Cuba concerned over possible policy changes by Trump

US president’s new policy towards the island could include tightening of travel rules

Donald Trump: the US president met with Florida senator Marco Rubio, his former rival as Republican nominee for president, for dinner at the White House last week. Photograph: Olivier Douliery/EPA

Donald Trump: the US president met with Florida senator Marco Rubio, his former rival as Republican nominee for president, for dinner at the White House last week. Photograph: Olivier Douliery/EPA

 

Cuba is bracing itself for a potential shift in US policy, amid expectations that US president Donald Trump could unveil a new policy towards the island this week.

There are expectations that Mr Trump may announce new measures when he travels to Miami, Florida, where he is scheduled to deliver a speech on Friday.

Mr Trump met with Florida senator Marco Rubio, his former rival as Republican nominee for president, for dinner at the White House last week. Mr Rubio, a Cuban-American, has been a fierce opponent of former president Barack Obama’s Cuba policy which saw the reopening of diplomatic relations between the two countries for the first time in half a century.

Among the possibilities being mooted by the White House are the tightening of travel rules. While technically US citizens are not permitted to travel to Cuba for tourism purposes, they are permitted to visit relatives or for educational, cultural or business activities. Mr Trump may seek to tighten the rules to ensure that those travelling to the country are entitled to do so.

Since the diplomatic breakthrough in December 2014, there has been a three-fold increase in US visitors to Cuba, delivering a huge financial boost to a country that is heavily dependent on tourism.

Mr Trump said during the presidential campaign that he would have negotiated a better deal with Cuba than Mr Obama, who became the first sitting US president to visit Cuba in more than 50 years when he visited in March last year.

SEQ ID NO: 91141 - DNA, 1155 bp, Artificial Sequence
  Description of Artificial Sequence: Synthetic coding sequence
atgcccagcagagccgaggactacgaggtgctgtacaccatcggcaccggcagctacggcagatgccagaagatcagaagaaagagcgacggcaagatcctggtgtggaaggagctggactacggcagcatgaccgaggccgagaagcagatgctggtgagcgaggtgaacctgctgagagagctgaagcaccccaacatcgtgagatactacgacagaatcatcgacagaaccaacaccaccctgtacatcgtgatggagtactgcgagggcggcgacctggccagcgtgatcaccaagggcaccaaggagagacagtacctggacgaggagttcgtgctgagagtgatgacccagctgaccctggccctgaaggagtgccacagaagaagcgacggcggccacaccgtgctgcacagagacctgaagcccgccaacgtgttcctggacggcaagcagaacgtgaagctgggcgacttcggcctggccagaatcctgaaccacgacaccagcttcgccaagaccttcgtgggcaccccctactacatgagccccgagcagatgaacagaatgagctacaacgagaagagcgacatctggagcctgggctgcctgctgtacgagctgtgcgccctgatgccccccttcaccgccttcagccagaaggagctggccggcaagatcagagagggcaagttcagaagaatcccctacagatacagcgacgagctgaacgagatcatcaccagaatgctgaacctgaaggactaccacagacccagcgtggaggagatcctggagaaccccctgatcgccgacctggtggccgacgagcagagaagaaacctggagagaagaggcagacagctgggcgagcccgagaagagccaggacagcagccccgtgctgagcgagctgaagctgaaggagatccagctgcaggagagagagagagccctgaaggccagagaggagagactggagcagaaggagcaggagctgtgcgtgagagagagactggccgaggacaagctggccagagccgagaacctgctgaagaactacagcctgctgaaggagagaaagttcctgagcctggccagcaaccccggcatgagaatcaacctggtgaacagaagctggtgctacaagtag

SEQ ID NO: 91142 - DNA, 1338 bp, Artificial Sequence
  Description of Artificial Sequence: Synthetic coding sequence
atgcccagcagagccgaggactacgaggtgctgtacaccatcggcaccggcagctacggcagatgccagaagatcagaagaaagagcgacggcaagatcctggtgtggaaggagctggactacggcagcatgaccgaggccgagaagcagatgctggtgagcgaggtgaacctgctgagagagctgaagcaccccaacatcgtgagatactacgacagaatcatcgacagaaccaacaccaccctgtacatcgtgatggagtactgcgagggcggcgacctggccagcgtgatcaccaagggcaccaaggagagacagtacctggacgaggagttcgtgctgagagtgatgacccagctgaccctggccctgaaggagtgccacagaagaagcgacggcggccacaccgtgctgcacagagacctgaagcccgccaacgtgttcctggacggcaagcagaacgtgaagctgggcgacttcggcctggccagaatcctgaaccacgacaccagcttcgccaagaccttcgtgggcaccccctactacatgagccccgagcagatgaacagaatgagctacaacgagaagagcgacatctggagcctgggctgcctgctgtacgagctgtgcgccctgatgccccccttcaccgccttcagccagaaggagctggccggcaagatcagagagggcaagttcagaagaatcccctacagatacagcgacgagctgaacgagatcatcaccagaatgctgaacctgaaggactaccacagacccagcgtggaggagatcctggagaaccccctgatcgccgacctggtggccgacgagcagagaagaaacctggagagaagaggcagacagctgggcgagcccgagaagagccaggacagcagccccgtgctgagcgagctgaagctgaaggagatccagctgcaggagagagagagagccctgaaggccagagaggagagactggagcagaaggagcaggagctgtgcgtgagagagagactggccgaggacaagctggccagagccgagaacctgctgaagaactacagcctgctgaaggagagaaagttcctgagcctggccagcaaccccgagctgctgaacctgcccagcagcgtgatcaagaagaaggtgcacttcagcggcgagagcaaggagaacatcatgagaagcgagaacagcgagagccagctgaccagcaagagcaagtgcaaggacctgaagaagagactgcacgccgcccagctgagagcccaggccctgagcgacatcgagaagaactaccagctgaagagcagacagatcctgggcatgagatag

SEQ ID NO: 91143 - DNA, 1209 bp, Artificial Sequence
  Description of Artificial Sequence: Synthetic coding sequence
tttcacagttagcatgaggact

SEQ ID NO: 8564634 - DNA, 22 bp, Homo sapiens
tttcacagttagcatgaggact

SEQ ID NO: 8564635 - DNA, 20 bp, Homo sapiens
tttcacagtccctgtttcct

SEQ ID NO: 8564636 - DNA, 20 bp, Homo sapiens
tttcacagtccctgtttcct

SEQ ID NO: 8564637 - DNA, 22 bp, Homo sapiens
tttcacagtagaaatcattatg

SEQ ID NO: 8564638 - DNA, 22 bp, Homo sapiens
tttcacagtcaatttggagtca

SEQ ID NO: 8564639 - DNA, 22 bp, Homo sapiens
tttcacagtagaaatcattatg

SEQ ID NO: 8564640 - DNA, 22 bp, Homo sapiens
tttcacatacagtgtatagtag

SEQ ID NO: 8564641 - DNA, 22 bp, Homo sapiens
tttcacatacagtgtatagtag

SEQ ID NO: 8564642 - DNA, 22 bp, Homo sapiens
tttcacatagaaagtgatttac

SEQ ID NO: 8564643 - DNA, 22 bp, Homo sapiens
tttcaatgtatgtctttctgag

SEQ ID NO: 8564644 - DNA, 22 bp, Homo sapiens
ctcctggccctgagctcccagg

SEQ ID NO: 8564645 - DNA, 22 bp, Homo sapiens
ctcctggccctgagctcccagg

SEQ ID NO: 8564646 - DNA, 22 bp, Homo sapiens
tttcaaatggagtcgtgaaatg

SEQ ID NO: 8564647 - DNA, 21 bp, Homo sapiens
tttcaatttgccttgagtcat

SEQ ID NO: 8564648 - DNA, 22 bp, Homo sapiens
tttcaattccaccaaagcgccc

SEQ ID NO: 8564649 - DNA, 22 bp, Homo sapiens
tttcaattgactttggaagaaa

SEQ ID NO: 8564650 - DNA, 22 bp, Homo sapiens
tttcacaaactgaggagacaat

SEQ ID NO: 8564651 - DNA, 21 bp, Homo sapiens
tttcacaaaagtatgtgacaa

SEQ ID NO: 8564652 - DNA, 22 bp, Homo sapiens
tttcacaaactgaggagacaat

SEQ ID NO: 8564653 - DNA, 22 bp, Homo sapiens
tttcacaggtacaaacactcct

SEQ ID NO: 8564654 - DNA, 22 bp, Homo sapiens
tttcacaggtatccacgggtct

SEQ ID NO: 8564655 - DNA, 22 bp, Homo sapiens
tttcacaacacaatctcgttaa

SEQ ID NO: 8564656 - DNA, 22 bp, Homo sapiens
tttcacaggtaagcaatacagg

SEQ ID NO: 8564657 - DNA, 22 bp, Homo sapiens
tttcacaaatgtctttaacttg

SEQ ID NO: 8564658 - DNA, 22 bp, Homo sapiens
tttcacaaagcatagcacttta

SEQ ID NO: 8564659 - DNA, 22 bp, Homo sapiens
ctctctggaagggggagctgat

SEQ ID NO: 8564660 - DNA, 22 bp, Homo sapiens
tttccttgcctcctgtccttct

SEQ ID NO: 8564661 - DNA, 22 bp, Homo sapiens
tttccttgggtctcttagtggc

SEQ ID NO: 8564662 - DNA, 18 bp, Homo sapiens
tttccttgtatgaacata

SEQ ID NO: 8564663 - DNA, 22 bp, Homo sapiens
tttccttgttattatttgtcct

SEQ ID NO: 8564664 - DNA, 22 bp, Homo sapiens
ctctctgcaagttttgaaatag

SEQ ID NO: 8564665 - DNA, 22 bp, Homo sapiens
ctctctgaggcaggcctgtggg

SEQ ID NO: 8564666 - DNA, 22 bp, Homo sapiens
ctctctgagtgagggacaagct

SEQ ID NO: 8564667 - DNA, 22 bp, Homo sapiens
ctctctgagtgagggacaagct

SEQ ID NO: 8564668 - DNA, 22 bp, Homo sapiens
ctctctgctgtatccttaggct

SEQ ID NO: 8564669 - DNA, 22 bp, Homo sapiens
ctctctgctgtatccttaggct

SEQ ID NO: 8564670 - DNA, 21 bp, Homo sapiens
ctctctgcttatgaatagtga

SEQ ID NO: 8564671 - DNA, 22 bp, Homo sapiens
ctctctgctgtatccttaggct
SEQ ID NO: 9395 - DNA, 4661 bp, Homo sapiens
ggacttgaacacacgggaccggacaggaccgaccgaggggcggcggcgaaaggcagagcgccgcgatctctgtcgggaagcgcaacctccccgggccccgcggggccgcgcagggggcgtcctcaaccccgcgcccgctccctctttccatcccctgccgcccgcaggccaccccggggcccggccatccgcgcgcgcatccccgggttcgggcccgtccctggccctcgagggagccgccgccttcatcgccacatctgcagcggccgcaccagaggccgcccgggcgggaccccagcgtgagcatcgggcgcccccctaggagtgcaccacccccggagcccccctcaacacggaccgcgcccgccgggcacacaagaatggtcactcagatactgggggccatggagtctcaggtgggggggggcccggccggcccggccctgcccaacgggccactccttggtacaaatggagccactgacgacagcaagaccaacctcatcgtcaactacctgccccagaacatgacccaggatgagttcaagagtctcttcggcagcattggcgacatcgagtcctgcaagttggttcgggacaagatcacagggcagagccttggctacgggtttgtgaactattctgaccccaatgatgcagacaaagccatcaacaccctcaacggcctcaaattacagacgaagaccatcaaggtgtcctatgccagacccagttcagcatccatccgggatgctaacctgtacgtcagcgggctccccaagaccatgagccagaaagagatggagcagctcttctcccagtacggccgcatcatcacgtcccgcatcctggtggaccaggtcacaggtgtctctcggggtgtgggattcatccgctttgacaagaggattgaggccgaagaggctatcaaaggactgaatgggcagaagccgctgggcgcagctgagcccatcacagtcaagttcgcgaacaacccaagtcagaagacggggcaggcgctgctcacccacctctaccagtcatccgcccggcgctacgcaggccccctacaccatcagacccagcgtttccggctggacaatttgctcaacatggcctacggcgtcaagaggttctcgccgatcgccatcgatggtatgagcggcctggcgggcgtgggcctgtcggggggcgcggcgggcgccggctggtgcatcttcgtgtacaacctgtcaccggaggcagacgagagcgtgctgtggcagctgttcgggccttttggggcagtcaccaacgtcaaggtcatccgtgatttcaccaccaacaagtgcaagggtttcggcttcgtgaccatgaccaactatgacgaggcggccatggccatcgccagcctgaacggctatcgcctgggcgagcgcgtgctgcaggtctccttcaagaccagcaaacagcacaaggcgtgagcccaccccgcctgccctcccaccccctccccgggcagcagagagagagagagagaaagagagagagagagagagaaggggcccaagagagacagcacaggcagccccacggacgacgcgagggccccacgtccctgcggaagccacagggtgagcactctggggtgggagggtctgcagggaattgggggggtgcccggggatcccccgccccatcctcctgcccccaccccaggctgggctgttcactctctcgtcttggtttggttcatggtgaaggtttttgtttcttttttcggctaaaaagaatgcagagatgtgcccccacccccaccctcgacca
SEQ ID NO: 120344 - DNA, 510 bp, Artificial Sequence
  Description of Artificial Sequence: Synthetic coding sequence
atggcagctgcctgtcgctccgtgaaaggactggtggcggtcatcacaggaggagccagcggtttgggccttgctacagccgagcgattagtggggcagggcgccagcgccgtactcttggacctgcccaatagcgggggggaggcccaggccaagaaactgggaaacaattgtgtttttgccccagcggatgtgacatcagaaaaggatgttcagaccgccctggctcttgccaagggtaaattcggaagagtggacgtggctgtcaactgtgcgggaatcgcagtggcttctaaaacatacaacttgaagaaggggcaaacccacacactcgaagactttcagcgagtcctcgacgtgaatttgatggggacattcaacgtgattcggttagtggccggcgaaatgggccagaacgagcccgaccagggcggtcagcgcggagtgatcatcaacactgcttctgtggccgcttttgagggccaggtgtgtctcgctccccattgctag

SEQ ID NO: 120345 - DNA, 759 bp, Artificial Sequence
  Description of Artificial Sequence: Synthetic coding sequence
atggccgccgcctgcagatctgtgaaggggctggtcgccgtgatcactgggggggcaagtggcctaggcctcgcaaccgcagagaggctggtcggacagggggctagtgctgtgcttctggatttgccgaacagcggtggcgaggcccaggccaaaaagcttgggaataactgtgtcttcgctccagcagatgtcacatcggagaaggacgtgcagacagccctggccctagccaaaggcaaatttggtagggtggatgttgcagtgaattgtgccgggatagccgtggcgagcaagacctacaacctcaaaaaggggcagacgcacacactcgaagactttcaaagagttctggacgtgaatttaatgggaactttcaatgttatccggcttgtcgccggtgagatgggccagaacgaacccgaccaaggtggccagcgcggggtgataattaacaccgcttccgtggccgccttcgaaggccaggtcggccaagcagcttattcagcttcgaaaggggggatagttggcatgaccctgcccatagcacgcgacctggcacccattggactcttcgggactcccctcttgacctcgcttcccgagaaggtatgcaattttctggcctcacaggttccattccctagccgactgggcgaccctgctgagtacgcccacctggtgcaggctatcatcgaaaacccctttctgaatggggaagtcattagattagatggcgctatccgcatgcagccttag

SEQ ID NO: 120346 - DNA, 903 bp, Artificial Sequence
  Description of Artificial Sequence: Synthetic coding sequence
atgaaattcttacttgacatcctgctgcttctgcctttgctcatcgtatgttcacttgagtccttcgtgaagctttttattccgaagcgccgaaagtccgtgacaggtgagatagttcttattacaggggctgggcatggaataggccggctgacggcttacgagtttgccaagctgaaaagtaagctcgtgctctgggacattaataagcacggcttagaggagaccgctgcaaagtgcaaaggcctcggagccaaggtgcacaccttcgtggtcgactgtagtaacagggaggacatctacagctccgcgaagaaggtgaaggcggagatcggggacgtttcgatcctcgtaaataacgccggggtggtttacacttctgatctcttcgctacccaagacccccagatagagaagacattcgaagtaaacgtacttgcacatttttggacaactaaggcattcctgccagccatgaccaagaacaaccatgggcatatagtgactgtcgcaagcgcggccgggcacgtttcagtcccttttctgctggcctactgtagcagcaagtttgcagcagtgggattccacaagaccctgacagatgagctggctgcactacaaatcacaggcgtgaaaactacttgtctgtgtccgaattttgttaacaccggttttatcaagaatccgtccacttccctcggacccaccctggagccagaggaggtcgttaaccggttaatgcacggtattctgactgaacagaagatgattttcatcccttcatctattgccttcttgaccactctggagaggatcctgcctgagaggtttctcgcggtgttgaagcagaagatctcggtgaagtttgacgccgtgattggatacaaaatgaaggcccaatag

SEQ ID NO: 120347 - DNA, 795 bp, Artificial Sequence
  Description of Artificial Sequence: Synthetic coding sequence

Rights violations

Addressing lawmakers in the Senate on Tuesday, secretary of state Rex Tillerson said the US must see an end to human rights violations in Cuba if it is to continue normalising relations. In comments that indicated the Trump administration’s toughening stance on the former cold war foe, Mr Tillerson told the senate foreign relations committee: “We think we have achieved very little in terms of changing the behaviour of the regime in Cuba ... and it has little incentive today to change that.”

Meanwhile, Mr Trump’s defence secretary, James Mattis, told a senate committee on Wednesday that he had been given the authority by the president to determine troop levels in Afghanistan, as the United States continues to mull over sending more troops to the region.

The head of the Pentagon said that no decision had yet been made about sending more troops to try and turn the tide on the 16-year conflict. The chief commander in the region earlier this year said thousands more troops were needed to avoid stalemate. Approximately 8,400 US troops are stationed there alongside troops from other Nato countries.

The move by Mr Trump to delegate responsibility to his defence secretary is part of a broader trend that has seen the president give the Pentagon more authority.